Who Are You?
Who are you? A simple question at first - but when we consider it further, it’s a more difficult question than you might think. Often, you’ll start describing yourself with either of two extremes: your successes or your failures.
We should strive to set goals for ourselves and to accomplish them, that is very good to do. If you aren’t already, imagine that you are a student in college. Perhaps receiving a doctorate in your intended field is by far your biggest goal. When you finally reach it, you’ll feel great about yourself. But you are not the doctorate you have received.
Maybe you are a student having financial problems. That can cause you to stress, you lose focus and your grades begin to go down. The next thing you know, you’ve failed a core course. Because of your grades, you are unable to receive the financial help you once had, and now you can’t continue school, so you are unable to graduate. But you are not your failed course, or your inability to graduate.
We are very susceptible to become attached to strong emotions, like self-importance or unworthiness. If you’re the student who received the doctorate, it is okay to feel good about yourself, but you must be careful not to become arrogant toward those who don’t have the title that you do. On the other hand, if you’re the student who is unable to graduate, you may become too shameful about yourself and give up trying.
Neither the sum of our success nor the sum of our weakness is who we are. Our success is the accomplishments that we’ve achieved by working diligently toward a certain goodness. Our failures may come so that we may be able to learn valuable lessons and re-focus on our goals.
These things, our successes and failures are part of our life, and both help to shape the person that we are meant to be, but they alone are not really who we are. We cannot get stuck in the moments of success or failures or in the emotions that we feel after such events. We must use them to gain knowledge, to keep going and to grow spiritually. I invite you to read the following words of Pope Saint John Paul II:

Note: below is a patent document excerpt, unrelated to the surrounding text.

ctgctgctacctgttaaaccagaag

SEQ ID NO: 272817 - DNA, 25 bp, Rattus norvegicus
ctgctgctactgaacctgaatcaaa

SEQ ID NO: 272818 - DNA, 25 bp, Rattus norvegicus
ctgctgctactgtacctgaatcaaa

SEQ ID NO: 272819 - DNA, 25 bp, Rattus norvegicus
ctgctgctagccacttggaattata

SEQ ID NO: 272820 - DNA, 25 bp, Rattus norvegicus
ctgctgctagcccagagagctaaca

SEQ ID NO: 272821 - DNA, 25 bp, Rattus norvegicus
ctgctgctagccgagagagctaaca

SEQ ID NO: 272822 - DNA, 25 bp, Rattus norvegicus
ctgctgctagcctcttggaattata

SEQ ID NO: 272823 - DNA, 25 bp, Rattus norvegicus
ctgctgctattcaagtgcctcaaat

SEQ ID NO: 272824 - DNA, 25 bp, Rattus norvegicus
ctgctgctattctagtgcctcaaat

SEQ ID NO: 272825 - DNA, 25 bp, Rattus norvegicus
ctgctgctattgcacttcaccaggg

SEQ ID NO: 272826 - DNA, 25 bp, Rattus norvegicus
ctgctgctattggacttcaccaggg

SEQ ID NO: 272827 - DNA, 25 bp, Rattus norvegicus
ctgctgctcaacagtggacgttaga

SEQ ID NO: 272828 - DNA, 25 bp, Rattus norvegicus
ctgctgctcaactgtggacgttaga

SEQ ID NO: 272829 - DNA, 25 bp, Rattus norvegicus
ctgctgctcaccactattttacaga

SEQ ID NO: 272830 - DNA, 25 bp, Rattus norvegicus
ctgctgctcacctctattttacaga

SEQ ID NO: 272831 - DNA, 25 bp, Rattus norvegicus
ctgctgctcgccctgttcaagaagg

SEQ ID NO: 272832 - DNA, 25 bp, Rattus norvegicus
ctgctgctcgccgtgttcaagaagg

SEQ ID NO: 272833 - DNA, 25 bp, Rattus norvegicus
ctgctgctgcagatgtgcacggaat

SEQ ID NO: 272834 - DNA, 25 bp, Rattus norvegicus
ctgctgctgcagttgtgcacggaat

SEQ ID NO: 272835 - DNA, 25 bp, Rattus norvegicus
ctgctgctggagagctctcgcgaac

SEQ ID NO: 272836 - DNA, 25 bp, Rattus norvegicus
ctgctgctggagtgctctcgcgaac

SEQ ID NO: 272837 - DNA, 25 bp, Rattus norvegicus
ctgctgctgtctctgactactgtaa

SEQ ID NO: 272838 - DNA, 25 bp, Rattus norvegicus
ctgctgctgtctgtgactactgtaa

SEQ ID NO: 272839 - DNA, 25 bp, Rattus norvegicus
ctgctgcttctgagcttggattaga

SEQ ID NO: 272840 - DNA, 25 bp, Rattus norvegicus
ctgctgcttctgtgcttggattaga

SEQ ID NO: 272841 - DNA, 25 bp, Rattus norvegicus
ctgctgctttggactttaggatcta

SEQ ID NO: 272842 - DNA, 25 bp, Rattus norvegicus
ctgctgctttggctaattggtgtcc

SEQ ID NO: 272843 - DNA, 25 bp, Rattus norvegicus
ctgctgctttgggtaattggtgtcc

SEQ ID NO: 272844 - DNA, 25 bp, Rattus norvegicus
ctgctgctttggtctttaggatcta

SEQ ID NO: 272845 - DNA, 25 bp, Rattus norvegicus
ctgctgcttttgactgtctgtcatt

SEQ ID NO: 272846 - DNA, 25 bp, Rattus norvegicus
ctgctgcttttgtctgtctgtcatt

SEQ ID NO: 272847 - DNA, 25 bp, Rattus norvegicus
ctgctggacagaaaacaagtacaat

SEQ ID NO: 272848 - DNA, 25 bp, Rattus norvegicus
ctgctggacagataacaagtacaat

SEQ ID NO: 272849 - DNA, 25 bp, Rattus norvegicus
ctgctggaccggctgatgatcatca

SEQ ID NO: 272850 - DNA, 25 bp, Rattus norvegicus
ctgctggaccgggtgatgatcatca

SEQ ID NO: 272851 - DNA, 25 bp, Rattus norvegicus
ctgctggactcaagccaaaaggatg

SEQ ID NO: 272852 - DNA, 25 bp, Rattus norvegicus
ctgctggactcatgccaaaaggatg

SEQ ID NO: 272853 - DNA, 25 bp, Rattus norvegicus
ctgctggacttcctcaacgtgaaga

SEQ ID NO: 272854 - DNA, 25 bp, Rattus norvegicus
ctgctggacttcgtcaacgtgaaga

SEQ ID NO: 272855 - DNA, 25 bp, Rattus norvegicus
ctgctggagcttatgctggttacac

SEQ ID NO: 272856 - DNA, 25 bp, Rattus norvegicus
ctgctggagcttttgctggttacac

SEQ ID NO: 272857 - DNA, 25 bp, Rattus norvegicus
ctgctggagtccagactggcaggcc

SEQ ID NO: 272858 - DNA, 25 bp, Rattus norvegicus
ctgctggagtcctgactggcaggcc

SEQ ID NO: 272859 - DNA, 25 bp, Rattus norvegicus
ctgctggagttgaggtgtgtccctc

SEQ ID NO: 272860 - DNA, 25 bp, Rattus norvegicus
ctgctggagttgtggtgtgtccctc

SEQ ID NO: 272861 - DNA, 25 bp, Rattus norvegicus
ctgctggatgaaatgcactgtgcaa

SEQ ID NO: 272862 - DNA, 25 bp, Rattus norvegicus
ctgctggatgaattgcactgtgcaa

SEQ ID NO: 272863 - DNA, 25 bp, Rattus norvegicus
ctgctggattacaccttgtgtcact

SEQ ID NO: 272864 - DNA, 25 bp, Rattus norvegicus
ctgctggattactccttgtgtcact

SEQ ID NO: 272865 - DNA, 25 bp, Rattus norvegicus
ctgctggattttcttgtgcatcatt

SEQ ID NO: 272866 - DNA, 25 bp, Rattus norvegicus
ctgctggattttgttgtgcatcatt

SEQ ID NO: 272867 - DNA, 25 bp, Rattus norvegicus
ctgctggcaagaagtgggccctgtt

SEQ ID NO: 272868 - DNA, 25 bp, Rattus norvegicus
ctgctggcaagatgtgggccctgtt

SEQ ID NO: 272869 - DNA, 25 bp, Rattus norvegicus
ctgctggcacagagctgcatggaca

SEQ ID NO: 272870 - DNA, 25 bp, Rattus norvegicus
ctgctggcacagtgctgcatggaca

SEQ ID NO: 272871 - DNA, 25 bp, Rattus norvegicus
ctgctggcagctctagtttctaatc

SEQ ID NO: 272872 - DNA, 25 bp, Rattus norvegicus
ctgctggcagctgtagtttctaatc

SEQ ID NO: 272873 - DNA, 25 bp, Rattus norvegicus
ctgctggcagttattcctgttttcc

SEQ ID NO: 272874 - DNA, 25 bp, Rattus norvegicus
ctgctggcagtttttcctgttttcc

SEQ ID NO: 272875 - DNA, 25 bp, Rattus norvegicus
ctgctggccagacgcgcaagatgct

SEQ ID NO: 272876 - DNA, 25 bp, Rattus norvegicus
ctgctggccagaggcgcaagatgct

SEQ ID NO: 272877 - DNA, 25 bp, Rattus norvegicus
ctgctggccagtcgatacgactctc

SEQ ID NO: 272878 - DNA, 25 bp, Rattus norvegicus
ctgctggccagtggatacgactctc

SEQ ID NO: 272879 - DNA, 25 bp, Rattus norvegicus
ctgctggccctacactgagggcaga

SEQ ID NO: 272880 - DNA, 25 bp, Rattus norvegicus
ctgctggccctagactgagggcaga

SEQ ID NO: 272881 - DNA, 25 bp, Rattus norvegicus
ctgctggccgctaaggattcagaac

"It is Jesus in fact that you seek when you dream of happiness; he is waiting for you when nothing else you find satisfies you; he is the beauty to which you are so attracted; it is he who provokes you with that thirst for fullness that will not let you settle for compromise; it is he who urges you to shed the masks of a false life; it is he who reads in your hearts your most genuine choices, the choices that others try to stifle. It is Jesus who stirs in you the desire to do something great with your lives, the will to follow an ideal, the refusal to allow yourselves to be grounded down by mediocrity, the courage to commit yourselves humbly and patiently to improving yourselves and society, making the world more human and more fraternal."
Think of what you want to do with your life, what is it that you most long for? How are you currently living your life? How do you treat other people, whether you know them or not? Do you care for nature? What are the things and the people that inspire you? Do they leave you feeling happy? Take a moment to reflect on these questions, they’ll help you know who you really are. Be honest with yourself, and do not get discouraged if the answers you find are not what you thought. You are not alone; allow God to guide you in the path He has made for you, and you’ll become an instrument of His peace!